Agenda item

Better Care Fund - Social Prescribing

Director of Children and Adult Services


The Director of Children and Adult Services submitted a report (previously circulated) detailing the outcome of the social prescribing testbed carried out under the Better Care Fund between 1 May 2017 and 30 April 2018.


The submitted report stated that around 130 people had been referred to the testbed with considerable variation in GP referrals.  Investment in the testbed was £93,000 and although three-month reviews indicated good levels of sustained achievement of outcomes, indications were that the current model was not cost effective.  Members noted that over a third of referrals were male and that the age range was wider then Better Care Fund intentions.

It was stated that the key objectives of the social prescribing testbed were to maximize identified Individual’s overall quality of life by supporting, signposting and connecting them with community groups and activity provision in their local area and to meet the identified needs that were unable to be met by community provision as currently commissioned. 


Members were advised that the introduction of the service was marketed to GP Practices and social work teams and a system for recording referrals and the goals set with people was designed and put in place using an existing computer system at the Local Authority and wellbeing navigators were provided with the relevant training.  The wellbeing navigators were four individuals from four organisations, namely 700 Club, MIND, DAD and Age UK.  Following a six month review it was clear that insufficient referrals were being made.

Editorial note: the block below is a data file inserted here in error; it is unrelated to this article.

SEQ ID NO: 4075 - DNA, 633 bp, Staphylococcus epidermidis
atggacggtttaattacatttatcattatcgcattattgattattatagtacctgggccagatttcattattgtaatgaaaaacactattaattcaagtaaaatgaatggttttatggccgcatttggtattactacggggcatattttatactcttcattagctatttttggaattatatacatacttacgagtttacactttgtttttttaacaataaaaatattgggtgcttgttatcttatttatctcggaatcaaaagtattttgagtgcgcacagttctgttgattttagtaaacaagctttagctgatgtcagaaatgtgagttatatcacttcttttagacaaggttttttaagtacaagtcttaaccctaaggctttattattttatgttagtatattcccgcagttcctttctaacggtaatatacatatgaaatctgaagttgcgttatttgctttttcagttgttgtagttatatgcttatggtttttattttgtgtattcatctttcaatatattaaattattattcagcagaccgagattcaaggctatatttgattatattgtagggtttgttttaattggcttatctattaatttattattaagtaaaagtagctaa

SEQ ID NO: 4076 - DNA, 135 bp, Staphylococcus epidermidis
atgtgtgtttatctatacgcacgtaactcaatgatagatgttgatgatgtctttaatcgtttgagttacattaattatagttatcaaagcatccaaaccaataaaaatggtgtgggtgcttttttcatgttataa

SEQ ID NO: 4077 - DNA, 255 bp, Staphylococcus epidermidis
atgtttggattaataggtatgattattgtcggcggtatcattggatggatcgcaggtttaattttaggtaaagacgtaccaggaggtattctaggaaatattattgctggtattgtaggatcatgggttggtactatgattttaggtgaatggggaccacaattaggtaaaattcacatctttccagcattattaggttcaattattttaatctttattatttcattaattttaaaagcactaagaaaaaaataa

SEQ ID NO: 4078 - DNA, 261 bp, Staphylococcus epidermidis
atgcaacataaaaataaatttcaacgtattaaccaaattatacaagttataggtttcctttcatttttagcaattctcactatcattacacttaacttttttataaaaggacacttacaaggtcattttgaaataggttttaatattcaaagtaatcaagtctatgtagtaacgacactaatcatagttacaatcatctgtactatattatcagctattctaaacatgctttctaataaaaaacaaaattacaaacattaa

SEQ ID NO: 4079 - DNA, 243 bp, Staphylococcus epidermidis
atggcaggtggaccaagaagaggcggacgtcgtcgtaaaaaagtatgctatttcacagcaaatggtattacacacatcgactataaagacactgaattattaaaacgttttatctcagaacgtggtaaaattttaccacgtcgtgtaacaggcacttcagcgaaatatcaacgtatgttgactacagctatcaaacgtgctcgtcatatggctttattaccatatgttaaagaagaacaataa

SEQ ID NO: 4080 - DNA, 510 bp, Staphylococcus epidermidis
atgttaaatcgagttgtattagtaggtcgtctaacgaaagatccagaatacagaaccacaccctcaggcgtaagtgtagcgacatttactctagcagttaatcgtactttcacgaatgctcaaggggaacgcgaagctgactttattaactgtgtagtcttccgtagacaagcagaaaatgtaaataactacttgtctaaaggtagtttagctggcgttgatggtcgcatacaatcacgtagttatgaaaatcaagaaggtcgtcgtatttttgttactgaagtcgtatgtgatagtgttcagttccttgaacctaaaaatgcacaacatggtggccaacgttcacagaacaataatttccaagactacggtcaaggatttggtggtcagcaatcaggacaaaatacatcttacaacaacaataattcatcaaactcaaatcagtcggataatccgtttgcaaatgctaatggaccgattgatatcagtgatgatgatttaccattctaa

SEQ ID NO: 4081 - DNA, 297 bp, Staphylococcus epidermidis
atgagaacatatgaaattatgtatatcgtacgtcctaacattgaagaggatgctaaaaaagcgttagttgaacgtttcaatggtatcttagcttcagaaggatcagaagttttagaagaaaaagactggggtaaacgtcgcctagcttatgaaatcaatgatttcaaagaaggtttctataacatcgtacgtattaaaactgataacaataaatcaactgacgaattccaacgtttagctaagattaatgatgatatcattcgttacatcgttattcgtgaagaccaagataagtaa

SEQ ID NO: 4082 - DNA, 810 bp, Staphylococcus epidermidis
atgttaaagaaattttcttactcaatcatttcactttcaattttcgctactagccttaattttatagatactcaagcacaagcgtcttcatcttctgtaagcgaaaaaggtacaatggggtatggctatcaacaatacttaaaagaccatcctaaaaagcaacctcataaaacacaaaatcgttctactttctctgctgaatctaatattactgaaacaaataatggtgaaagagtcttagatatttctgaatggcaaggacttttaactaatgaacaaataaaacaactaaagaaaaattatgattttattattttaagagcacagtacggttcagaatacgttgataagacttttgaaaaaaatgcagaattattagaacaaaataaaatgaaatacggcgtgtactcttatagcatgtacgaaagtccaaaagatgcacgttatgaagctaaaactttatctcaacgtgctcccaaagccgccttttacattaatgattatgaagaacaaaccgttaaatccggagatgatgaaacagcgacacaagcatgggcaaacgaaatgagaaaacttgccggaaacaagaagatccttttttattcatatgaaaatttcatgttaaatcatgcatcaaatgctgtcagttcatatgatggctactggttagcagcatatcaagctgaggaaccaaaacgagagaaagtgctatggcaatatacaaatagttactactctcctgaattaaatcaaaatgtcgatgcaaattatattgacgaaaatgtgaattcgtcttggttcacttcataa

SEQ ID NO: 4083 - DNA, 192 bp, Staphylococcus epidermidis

It was noted that Wellbeing Facilitation was key to new ways of working across health and social care and in Darlington pilots and initiatives were being tried and tested as Primary Care develops a hub approach in general practice.  The GP Federation, Primary Healthcare Darlington, will play a key role in these developments. 


The service has Better Care Fund investment of £180,000 and will have a single organisation model, benefitting from pulling referrals from patient lists via the frailty index ensuring that non-medical needs that contribute to future medical needs are met.


It is anticipated that wellbeing facilitators will engage in the pilots involving primary care approaches and that the Federation will play a pro-active role in engaging with all practices and relevant stakeholders to support relationship building and embedding the care co-ordination role with GPs, practice nurses and other practice staff. 

Discussion ensued on the low referral rates from Parkgate Surgery which it was felt was mainly due to a communications issue and/or the possible move of patients from that Practice to Clifton Road Practice.


The Chair stated that this Scrutiny Committee had always supported social prescribing and whilst disappointed that the project had failed, welcomed the lessons learned and the new proposed model.


It was confirmed that facilitators had the knowledge to signpost and refer to the correct place; and that the real work was to actually understand the person and investigate what their actual needs were in order to have more chance to succeed.


Members advised Scrutiny of several community groups they were involved in and it was suggested that they be included on the Directory of Organisations available to navigators.


Members raised concerns that it was difficult to reach some people who were socially isolated and that these people would need some form of encouragement to attend a community group or local social event.  It was also recognised that not all old people are frail and would like to be treat as an individual.


RESOLVED – (a) That the submitted report be noted.


(b) That a progress report on the new model be submitted to a future meeting of this Scrutiny Committee in six months’ time.


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